Because you describe how to paint furniture without getting paint on the dog.

Rated useful, m'dear.


akirchner profile image

akirchner 5 years ago from Central Oregon Author

Thanks, Simone~ Share and Share Alike, right???

Mimi721 - Thanks - I wish I'd figured out about the wearing the mask though BEFORE I invented my little paint chamber....everyone is still laughing about my black feet, the black nose and the black arms and legs....good heavens I'm lucky I have any skin left - but the furniture look AWESOME!


Mimi721wis profile image

Mimi721wis 5 years ago

Up and useful. The last object I've painted was an old bike. It turned out okay.


Simone Smith profile image

Simone Smith 5 years ago from San Francisco

Nice! I know a bunch of folks that could really use this guide. I'll have to share your Hub with them!


akirchner profile image

akirchner 5 years ago from Central Oregon Author

I done painted myself too in the process, Hanna~ Thanks for the read!


Hello, hello, profile image

Hello, hello, 5 years ago from London, UK

Great aricle with very detailed information. You really done a good job there.


akirchner profile image

akirchner 5 years ago from Central Oregon Author

Thanks RC - I had some fun turning myself into a little black woman~


randomcreative profile image

randomcreative 5 years ago from Milwaukee, Wisconsin

Great tutorial! I love all of the photos.


akirchner profile image

akirchner 5 years ago from Central Oregon Author

Winsome - Now THAT is hilarious~! I'll have to suggest that to my husband although he might be worried we'd get run out of the neighborhood~


Winsome profile image

Winsome 5 years ago from Southern California by way of Texas

Very practical advice Audrey. If you don't want to ruin your clothes you can go au naturale and rub yourself with Vaseline before you start. The overspray won't adhere and your skin is moisturized--plus you have the added bonus of entertaining the neighbors. =:)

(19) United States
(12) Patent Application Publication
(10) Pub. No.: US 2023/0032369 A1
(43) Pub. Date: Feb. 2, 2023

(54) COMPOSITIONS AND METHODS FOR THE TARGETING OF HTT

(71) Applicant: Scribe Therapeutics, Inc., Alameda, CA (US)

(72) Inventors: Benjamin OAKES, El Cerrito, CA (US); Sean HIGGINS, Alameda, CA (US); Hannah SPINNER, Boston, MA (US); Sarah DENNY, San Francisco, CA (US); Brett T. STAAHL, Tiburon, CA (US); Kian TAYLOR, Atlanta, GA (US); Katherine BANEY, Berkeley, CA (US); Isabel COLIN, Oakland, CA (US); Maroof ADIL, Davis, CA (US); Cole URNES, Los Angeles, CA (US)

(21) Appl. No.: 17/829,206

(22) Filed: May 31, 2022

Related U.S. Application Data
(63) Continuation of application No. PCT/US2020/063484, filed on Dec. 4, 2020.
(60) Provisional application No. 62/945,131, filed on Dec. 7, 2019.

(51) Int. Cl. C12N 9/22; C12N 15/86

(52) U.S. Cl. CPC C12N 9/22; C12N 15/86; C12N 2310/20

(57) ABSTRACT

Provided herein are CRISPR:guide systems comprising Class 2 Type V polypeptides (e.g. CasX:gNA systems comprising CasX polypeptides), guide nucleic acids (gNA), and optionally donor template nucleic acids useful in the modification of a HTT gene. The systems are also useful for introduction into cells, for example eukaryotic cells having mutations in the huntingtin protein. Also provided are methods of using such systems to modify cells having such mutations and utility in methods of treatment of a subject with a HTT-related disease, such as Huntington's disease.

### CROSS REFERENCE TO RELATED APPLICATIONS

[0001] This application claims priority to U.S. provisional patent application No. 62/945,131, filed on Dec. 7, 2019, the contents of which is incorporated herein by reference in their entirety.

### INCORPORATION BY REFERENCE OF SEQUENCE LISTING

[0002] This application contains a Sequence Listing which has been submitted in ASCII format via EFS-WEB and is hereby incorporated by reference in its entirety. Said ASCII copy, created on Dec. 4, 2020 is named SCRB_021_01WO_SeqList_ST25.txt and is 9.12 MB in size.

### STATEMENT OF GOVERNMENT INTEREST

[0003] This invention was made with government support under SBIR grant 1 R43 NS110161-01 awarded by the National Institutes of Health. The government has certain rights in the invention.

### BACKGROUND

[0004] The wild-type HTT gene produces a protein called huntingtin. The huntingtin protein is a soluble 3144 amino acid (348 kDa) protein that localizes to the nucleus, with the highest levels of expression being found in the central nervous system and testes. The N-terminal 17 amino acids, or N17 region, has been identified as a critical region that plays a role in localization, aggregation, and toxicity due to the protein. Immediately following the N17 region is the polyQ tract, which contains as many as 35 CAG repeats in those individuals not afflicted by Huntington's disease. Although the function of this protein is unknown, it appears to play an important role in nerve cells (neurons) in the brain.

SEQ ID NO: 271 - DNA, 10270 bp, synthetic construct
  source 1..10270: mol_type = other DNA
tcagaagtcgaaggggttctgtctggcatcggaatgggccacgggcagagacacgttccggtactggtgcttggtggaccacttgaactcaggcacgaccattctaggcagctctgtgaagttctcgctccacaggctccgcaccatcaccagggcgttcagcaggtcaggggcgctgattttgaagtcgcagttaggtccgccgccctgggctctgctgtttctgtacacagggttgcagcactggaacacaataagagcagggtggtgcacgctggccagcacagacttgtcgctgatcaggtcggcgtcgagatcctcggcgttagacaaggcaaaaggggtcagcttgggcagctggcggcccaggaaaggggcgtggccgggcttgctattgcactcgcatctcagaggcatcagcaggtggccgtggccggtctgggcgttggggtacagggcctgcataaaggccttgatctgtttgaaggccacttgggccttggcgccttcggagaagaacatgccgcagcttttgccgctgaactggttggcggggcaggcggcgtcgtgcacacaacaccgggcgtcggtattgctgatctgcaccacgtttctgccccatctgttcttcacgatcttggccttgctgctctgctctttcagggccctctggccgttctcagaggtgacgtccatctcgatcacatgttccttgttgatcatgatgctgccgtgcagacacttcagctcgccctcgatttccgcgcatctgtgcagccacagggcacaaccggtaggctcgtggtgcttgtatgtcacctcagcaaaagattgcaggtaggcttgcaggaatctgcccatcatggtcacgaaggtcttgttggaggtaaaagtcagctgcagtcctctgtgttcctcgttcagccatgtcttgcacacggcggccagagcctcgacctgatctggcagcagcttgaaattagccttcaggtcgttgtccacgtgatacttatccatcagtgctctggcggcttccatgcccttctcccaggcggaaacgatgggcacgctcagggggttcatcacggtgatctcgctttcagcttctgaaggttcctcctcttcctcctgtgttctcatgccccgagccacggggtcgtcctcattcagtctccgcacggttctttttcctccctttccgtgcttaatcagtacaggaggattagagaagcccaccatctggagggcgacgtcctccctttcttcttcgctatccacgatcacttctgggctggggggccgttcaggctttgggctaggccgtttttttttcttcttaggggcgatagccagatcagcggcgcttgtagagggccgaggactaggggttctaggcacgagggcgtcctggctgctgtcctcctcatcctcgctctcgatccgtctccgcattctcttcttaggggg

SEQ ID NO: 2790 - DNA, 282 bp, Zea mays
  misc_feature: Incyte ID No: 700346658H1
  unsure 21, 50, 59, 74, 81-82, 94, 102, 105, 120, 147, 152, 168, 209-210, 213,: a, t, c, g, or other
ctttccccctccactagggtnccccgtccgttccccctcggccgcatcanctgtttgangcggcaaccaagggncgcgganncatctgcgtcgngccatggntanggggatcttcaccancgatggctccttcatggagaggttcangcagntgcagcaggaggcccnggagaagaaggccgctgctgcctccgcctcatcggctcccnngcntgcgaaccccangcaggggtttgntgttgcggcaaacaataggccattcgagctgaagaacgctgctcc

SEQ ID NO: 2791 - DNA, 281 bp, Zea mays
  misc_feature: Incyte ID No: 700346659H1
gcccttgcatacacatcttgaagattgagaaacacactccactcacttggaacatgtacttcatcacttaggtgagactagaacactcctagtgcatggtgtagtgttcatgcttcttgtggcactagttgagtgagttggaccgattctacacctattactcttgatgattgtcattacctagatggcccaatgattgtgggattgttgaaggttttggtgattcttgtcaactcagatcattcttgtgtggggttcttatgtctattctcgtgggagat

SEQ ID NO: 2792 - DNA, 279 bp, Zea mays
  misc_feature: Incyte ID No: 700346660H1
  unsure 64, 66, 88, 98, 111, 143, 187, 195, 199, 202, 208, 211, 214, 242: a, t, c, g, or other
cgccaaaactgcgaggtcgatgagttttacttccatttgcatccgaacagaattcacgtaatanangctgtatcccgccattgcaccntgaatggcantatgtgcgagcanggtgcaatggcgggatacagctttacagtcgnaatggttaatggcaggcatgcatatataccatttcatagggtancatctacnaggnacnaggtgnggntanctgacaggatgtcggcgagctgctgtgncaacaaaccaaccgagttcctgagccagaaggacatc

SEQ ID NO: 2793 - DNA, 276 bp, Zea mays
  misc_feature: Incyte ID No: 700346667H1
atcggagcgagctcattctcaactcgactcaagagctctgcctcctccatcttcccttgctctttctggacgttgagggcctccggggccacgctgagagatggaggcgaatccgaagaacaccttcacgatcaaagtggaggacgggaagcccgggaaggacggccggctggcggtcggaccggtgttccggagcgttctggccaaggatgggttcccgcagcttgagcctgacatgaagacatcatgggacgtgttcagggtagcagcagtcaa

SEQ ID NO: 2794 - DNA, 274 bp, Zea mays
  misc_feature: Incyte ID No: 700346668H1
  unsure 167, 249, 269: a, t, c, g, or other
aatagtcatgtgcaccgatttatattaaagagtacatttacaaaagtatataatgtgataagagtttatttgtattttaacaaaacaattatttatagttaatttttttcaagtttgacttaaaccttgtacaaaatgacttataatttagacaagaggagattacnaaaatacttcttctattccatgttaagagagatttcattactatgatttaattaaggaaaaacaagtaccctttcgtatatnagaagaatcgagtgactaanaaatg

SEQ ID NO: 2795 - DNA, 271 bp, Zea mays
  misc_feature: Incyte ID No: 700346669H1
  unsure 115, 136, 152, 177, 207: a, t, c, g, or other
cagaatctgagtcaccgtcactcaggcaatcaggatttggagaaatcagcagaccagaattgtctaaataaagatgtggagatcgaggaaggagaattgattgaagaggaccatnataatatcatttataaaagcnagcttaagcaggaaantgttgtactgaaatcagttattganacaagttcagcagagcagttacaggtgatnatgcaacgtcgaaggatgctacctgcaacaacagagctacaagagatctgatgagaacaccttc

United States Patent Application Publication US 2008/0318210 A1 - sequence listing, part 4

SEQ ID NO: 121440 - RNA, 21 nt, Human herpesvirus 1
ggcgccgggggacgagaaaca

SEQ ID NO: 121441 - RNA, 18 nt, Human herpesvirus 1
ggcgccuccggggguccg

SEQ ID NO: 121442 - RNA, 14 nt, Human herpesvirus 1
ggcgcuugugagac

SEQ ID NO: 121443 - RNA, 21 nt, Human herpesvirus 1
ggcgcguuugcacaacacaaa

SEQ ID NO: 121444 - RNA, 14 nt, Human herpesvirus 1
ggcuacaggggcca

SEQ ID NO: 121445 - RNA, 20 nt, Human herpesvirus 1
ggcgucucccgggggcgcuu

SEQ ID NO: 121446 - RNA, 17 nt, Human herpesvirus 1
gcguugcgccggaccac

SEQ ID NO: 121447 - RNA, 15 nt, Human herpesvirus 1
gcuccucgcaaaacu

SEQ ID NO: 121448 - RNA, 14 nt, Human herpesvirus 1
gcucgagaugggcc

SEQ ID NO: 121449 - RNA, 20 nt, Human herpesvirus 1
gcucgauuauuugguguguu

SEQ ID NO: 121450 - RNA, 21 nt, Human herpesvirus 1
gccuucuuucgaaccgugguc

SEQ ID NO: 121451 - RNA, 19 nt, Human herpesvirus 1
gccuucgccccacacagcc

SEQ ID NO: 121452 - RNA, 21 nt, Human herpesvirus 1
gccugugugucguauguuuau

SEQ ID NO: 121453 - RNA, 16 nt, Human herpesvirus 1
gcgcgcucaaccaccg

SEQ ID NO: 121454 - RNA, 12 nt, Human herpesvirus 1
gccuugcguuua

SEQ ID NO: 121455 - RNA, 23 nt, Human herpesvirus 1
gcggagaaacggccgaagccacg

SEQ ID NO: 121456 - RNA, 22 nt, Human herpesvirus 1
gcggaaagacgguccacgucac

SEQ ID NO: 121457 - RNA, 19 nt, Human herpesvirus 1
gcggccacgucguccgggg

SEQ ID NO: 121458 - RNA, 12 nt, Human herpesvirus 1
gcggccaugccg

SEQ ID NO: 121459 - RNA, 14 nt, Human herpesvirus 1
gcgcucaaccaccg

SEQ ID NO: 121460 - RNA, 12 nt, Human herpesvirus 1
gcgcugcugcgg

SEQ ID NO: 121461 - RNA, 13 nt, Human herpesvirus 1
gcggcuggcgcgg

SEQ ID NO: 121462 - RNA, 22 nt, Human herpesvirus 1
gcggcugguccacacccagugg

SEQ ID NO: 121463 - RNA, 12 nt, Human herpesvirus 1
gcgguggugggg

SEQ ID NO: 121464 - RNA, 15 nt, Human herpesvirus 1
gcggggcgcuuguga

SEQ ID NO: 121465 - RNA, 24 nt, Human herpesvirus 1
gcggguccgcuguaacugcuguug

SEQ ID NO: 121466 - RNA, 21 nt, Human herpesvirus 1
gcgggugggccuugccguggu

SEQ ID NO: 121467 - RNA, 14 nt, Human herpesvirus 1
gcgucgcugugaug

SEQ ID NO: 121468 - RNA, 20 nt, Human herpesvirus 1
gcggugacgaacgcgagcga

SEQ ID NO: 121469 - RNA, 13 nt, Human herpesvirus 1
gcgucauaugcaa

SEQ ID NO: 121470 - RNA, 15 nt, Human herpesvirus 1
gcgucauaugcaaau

akirchner profile image

akirchner 5 years ago from Central Oregon Author

Deborah-Diane - ah yes, the key to any good project....not to make a mess of things~ It turned out well and I'll have more knowledge the next time around!

Pamela - Thanks - it wasn't that bad! I actually "polished them off" in just a few hours max. I ended up doing 2 tables and 8 chairs~


Pamela99 profile image

Pamela99 5 years ago from United States

Great idea and it doesn't look that difficult. Very useful hub.


Deborah-Diane profile image

Deborah-Diane 5 years ago from Orange County, California

Very helpful article. I have spray painted my outdoor furniture before ... and I wish I had read your article first. It should help a lot of people avoid making a big mess of things!


akirchner profile image

akirchner 5 years ago from Central Oregon Author

Ah yes, that ending up with less paint on oneself~ I did learn a lot from this little escapade and I do speak with the voice of "wisdom" - your help is much appreciated there~ Thanks for stopping in, Jaye to Audrey's project workshop...always a work in progress.


JayeWisdom profile image

JayeWisdom 5 years ago from Deep South, USA

This is an excellent article, Audrey, and perhaps it will inspire me (once the heat wave passes) to spray paint my outdoor furniture. Great tips, especially for how not to end up with more paint on the painter than on the chairs!

Jaye